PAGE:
It would be hard to quibble with the "fried cheddar with Worcestershire" of the other week, a predinner snack that looked nothing like it sounds. It was a perfect cube, a single bite, composed from cheese and tapioca. It was crisp and golden-starchy on the outside, with an interior that tasted of Welsh rarebit, but rendered somehow into a fog. (In the minus column: The form of that snack, the toasted cube of starch and fat, is the closest Shoto's ever come to developing a signature dish, when Momofuku Ko has developed a good dozen by now.) You'd struggle not to swoon just a little with that evening's shellfish chawan mushi custard, too, another so-called snack. It was densely flavourful, all deep-marine minerality, but with the texture of cool seashore air.

I loved the pasta that night – there is almost always a tiny pasta course; it is invariably gob-smack delicious – of tortellini stuffed with black sesame – seasoned eggplant, under pecorino cheese and pickled baby corn bits that popped like comestible fireworks.

Another night's fish course, of grilled Spanish mackerel with tempura maitake mushrooms, was every bit a technical masterpiece, the tempura lacy and greaseless, and the flavours given a nice cross-cultural twist with the addition of green mango dal. The technique at Shoto is typically a) rigorously old-school, b) incredibly labour-intensive, and c) executed flawlessly. They are no slouches here. It's the ideas – the backbone of any successful multicourse tasting menu – that might leave you a little cold.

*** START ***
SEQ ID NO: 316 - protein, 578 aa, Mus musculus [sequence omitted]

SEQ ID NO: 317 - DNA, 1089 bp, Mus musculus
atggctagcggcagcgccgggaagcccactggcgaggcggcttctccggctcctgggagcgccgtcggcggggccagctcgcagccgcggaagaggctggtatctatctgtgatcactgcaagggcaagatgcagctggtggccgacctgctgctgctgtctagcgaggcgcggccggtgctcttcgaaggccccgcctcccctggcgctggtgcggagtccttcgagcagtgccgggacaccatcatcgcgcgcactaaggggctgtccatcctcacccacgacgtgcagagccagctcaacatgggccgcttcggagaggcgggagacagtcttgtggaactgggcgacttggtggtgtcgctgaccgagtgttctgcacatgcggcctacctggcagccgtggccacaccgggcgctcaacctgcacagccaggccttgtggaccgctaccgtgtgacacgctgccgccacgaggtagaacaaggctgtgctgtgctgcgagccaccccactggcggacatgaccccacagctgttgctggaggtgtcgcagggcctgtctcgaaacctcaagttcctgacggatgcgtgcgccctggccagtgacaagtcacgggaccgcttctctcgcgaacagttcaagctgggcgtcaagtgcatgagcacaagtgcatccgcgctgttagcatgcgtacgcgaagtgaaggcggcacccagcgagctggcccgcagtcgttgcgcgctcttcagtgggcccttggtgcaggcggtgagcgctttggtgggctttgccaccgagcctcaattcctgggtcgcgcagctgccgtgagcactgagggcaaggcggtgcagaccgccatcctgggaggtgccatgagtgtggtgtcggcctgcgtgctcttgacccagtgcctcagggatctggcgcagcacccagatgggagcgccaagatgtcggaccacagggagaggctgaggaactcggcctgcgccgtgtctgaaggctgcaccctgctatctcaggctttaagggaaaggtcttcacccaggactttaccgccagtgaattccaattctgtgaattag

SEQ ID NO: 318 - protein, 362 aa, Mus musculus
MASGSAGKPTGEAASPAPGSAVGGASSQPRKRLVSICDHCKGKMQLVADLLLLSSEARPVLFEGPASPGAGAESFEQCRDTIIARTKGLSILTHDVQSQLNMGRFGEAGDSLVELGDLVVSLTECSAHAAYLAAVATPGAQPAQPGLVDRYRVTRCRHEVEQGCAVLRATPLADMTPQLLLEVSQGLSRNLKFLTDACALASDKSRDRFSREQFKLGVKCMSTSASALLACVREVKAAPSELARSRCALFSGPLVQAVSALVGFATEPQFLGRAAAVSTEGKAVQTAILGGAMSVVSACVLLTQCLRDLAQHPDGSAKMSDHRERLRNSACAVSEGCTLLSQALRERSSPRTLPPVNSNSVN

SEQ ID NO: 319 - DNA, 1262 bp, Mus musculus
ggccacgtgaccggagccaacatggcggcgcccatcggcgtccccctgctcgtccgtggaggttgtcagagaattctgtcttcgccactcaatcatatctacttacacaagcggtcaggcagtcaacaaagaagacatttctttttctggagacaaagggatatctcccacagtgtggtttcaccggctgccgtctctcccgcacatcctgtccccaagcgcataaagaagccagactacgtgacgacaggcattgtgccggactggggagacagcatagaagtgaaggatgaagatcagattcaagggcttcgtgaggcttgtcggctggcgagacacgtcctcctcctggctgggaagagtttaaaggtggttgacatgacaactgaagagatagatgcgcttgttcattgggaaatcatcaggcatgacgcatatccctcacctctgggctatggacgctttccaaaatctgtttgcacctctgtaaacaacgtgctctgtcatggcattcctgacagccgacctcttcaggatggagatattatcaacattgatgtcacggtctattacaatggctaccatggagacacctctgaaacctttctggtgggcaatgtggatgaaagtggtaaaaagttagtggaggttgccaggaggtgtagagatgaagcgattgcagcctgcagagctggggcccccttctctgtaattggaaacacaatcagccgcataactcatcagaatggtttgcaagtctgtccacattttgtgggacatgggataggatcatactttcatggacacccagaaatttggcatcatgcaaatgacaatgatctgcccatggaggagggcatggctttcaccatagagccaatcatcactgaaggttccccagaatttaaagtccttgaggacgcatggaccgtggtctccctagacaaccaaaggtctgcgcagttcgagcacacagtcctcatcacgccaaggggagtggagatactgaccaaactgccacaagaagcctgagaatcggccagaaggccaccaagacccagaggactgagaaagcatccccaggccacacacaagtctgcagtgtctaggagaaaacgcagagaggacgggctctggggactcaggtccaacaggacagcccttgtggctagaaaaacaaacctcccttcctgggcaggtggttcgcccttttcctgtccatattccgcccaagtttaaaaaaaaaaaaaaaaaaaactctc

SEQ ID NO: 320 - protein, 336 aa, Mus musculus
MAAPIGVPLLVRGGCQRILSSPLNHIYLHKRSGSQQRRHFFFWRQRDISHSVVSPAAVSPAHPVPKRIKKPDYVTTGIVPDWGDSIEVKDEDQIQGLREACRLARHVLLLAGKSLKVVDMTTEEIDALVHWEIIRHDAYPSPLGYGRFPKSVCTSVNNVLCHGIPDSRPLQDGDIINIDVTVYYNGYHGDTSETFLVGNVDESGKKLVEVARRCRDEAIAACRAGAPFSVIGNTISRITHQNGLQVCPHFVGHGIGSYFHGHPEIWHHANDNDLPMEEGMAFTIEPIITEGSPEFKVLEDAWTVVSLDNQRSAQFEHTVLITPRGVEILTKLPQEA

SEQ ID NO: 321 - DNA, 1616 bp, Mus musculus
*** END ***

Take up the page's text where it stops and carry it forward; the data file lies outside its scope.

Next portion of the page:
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I'm not sure the other week's dinner benefited from its early sardine dish, a composition of grilled, fresh sardine, pickled tomato chutney and high-fat sour cream. They're terrific ingredients, all of them, but combined as they were, they tasted stewy and dull, like the lunch special at a 1980s Hungarian-Canadian deli. Another of that night's fish courses, black cod with an artichoke and coconut beurre blanc, was a mess of confusion. There were also olives in that dish along with the fish and that beurre blanc, as well as sorrel, cherry bomb peppers and a few slices of whelk. Nothing had good reason for being there. "Now I get why everybody just does black cod with sake and miso," my dinnermate said.